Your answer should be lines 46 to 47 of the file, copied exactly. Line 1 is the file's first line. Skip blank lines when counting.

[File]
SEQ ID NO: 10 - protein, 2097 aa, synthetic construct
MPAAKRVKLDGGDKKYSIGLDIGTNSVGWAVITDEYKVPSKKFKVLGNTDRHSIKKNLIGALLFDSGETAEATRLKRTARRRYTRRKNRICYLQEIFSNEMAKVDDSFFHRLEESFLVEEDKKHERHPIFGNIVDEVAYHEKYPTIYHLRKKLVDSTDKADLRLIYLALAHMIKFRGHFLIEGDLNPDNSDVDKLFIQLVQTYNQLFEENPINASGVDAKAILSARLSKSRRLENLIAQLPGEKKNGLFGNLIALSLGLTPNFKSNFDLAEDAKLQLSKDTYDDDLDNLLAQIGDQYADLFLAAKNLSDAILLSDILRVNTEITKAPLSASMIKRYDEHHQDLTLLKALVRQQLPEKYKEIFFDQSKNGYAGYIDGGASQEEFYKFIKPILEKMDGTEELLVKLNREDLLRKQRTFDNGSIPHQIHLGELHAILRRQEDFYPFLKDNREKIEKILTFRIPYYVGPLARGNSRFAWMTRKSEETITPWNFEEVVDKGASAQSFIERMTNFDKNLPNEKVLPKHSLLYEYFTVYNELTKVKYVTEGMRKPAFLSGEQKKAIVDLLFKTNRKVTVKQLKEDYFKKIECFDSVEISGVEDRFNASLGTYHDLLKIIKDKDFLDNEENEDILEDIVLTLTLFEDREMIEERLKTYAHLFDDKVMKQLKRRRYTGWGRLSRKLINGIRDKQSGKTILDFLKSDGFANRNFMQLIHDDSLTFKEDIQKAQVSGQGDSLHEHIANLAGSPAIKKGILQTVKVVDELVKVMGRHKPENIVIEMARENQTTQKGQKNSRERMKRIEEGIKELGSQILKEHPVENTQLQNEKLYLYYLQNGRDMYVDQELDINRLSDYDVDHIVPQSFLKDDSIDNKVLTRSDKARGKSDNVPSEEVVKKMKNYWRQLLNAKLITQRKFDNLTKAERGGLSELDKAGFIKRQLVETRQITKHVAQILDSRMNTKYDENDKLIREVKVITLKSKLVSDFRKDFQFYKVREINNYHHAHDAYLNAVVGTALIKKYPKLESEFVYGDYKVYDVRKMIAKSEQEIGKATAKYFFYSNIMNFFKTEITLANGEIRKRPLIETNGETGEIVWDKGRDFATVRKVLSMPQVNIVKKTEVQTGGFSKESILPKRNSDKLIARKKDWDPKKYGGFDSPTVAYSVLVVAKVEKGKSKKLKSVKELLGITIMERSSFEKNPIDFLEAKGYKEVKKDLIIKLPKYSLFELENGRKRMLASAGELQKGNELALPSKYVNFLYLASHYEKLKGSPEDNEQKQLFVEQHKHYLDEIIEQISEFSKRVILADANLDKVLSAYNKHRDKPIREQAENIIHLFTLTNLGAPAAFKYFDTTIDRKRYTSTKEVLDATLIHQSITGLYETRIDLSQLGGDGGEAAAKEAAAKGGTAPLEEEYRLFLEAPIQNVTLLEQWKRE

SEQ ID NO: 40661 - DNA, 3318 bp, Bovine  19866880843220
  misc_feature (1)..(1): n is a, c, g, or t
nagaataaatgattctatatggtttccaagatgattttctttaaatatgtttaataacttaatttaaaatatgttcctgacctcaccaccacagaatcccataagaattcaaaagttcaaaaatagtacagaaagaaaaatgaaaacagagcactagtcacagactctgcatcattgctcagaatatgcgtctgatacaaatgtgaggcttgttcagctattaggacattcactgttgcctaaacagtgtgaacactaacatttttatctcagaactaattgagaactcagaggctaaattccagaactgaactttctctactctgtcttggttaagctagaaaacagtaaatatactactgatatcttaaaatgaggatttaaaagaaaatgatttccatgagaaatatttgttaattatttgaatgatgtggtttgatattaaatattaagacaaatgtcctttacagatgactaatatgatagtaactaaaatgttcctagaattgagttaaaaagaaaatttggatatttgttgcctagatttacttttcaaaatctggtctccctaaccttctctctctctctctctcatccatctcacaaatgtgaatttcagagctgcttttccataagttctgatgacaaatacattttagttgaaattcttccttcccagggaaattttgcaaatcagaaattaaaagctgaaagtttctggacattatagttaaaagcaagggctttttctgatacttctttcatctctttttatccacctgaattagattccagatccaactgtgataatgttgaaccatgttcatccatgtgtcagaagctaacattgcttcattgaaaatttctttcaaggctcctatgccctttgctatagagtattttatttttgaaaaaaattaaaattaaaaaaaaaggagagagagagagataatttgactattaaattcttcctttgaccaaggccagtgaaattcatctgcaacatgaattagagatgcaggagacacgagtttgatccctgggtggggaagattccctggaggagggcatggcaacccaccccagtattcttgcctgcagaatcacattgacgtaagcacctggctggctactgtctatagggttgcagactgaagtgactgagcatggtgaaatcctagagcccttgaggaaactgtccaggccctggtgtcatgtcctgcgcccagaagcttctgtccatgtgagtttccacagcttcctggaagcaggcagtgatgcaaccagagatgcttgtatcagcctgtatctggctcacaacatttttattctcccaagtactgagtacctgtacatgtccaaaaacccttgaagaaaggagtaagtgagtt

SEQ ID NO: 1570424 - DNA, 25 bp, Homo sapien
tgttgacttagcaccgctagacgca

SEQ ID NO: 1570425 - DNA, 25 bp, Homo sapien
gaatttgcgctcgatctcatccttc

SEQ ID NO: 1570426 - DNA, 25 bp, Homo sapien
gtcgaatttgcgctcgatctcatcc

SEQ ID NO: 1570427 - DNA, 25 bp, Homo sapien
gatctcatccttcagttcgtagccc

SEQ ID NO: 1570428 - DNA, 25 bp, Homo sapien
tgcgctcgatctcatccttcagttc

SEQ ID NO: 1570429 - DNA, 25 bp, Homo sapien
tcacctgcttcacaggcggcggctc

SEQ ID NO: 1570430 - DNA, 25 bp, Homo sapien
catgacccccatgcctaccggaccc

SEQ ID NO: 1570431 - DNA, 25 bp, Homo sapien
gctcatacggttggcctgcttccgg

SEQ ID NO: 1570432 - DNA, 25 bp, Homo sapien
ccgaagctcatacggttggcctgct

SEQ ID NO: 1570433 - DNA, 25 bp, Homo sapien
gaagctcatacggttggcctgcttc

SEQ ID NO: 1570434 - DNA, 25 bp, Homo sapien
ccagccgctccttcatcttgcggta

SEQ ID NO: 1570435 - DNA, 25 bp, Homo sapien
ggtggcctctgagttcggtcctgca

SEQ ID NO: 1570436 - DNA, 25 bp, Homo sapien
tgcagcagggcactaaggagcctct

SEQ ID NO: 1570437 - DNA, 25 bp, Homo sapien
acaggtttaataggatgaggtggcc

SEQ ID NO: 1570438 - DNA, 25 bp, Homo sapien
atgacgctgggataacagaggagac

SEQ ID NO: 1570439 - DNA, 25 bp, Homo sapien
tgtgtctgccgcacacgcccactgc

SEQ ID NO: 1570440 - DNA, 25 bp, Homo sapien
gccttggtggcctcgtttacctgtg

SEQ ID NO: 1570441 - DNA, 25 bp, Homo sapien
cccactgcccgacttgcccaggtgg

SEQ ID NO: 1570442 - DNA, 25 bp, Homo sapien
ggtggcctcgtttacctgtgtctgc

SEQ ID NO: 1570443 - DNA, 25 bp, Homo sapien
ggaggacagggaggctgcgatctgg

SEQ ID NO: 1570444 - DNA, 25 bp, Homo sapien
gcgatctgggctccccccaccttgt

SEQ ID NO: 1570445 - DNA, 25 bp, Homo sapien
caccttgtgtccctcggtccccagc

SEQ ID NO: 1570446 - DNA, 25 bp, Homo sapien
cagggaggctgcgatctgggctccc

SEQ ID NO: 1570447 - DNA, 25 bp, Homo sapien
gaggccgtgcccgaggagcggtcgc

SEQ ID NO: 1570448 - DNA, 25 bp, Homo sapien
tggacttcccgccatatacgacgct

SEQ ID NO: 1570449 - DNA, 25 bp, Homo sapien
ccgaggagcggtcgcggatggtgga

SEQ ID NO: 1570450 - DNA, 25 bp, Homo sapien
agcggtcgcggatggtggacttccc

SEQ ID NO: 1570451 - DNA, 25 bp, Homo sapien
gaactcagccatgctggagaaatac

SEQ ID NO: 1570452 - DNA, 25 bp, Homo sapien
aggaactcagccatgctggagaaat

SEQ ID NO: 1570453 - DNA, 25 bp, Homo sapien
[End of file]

SEQ ID NO: 1570444 - DNA, 25 bp, Homo sapien
gcgatctgggctccccccaccttgt